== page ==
Water Mains

Stacked water main pipes await installation as part of the Monroe Street reconstruction project in Madison in September 2018. It costs about $1.5 million to replace one mile's worth of water mains, according to the Madison Water Utility. Months after receiving a 30.6 percent rate hike, the utility is asking for an additional 8 percent increase next year.

Just seven months after hiking rates more than 30%, Madison’s water utility is seeking another increase.

The municipal water utility asked state regulators Monday for an 8% increase, which the utility said would raise the average residential bill by about $2.20 a month next year.

Madison Water Utility could implement surcharge to pay for pipes

Water utility spokeswoman Amy Barrilleaux said capital expenses and debt payments related to ongoing water main replacement represent the primary cost driver for the proposed increase.

If approved by regulators, the proposed increase would generate about $3.5 million in additional revenue.

Barrilleaux said the utility faces nearly $17 million in capital financing costs this year for projects including a new well and the Blackhawk water tower on the Far West Side, plus reconstruction of a well, water tower and the Paterson Street Operations Center. This year’s projects include about $7 million worth of new water mains.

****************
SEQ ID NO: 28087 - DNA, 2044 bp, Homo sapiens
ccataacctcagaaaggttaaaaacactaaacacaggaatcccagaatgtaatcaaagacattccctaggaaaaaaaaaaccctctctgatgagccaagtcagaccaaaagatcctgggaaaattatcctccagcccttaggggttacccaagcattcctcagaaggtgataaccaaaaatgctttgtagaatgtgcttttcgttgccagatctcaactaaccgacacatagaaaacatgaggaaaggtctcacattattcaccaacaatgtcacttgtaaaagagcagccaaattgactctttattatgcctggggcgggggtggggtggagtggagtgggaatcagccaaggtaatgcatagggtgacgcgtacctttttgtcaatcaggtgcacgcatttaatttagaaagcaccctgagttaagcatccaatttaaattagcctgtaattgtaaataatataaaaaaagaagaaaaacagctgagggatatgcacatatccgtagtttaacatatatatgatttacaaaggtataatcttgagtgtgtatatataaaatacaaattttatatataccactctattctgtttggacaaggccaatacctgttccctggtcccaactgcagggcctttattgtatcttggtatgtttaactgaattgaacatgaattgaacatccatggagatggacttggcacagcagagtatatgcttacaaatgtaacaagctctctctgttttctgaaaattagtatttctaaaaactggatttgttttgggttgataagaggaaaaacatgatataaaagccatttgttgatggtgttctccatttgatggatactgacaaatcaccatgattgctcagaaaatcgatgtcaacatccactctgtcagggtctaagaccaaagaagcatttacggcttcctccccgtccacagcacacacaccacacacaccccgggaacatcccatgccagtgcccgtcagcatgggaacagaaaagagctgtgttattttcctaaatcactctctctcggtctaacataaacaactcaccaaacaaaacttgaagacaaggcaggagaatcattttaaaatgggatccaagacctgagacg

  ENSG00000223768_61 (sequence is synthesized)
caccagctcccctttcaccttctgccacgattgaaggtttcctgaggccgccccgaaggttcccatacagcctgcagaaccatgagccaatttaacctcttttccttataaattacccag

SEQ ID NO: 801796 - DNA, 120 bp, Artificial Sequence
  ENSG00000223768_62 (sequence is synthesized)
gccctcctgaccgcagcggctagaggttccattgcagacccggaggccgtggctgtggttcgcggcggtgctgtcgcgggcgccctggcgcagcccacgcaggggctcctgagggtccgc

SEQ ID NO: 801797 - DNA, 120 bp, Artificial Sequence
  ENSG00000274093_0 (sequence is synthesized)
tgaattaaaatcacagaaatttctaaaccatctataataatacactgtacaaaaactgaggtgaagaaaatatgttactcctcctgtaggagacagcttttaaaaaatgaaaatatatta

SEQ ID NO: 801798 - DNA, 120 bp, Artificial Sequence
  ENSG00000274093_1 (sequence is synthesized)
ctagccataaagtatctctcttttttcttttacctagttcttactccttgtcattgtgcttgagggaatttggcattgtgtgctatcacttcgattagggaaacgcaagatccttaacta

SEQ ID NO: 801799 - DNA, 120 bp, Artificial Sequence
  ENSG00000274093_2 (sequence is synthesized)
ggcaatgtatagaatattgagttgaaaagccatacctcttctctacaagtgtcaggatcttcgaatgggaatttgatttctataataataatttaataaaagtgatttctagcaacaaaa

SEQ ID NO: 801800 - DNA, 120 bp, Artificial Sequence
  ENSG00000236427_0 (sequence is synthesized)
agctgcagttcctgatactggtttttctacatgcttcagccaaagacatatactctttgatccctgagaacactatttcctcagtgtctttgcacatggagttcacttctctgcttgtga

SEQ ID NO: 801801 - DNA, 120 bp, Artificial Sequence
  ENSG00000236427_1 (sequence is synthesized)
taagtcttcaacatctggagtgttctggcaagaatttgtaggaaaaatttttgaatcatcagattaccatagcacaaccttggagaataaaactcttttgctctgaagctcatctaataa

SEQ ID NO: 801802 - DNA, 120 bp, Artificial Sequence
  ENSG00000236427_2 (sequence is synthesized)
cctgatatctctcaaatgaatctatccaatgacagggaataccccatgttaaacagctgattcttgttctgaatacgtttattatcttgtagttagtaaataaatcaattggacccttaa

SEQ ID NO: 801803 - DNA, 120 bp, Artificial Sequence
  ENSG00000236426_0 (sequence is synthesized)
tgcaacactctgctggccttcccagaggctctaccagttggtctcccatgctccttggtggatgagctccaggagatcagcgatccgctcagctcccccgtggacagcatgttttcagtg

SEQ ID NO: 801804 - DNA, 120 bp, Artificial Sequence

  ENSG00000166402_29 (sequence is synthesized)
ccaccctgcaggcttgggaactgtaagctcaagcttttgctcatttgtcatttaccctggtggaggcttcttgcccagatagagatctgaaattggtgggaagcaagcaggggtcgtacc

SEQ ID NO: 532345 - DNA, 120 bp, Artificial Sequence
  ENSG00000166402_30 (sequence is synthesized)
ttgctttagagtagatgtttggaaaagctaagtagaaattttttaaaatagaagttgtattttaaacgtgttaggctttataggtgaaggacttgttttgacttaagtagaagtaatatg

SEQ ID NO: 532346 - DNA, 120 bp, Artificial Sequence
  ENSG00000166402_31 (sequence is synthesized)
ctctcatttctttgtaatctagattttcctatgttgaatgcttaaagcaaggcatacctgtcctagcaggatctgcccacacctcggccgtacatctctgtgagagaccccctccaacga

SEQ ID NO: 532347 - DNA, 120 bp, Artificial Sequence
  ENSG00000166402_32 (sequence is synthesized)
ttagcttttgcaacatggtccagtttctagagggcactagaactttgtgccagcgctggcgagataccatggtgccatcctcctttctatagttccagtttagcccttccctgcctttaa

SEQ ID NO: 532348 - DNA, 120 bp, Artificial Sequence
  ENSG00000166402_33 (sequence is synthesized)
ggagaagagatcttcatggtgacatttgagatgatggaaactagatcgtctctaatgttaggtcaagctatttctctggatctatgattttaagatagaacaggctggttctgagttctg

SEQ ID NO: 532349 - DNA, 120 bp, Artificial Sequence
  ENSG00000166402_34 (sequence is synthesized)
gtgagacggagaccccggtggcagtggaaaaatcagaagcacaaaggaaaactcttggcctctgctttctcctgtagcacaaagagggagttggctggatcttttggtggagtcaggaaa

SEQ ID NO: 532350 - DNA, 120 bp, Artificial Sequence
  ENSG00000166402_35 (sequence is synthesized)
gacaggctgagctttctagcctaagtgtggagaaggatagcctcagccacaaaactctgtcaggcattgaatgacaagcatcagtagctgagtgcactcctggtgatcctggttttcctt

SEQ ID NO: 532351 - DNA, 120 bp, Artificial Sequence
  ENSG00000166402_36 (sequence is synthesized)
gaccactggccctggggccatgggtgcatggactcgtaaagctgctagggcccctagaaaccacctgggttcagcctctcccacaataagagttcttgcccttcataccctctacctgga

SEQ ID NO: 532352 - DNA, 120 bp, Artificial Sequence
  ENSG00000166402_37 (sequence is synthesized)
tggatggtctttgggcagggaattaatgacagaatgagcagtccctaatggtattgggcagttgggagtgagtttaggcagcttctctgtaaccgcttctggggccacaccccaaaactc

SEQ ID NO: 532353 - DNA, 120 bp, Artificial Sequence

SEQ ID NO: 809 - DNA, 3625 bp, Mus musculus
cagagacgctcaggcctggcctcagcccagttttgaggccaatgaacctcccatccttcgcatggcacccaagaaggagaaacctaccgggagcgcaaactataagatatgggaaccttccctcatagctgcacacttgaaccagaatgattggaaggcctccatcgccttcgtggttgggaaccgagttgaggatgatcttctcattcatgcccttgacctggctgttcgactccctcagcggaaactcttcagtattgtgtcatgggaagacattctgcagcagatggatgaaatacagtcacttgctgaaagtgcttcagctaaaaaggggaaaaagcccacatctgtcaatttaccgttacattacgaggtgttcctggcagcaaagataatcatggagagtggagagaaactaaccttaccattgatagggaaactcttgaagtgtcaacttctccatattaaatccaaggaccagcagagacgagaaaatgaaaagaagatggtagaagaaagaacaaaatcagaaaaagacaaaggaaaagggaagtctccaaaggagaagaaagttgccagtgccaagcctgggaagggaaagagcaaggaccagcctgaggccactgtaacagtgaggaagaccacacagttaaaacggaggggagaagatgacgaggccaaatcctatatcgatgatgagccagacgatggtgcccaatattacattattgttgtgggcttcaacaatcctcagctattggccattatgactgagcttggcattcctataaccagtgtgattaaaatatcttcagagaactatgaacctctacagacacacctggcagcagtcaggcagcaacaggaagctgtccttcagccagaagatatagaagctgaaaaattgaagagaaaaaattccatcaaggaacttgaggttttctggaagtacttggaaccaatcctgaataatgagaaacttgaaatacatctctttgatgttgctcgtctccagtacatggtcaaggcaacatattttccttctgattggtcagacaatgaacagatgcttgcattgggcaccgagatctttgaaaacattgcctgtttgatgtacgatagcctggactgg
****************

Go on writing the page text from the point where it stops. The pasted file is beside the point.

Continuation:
The utility is about 15 years and 100 miles into a largely debt-funded project to replace about 400 miles of aging water mains. Water main replacement costs about $1.5 million per mile.

Coupled with declining sales, those costs have left the utility with a roughly $6 million deficit.

It will be up to the Wisconsin Public Service Commission to decide whether — and how much — rates should increase.

The PSC in November approved a 30.6% revenue increase that was expected to add about $7 to the typical monthly bill while generating an additional $10.4 million in 2019 revenues.

Madison Water Utility gets huge rate increase, criticism

The PSC also ordered the utility to submit a plan to improve its finances and to update the commission on its progress over the next two years before returning for a rate review.

“In our previous rate case ... they asked us to file again within a certain period of time,” Barrilleaux said. “That’s what we’re doing.”

According to data from the PSC, a Madison household using 6,000 gallons of water per month last year would have had a bill of about $18.56 — ranking 15th most expensive among the state’s 97 large utilities.

Water charges account for roughly a third of the typical Madison Municipal Services bill, which also includes charges for sewer, stormwater, forestry and landfill services.

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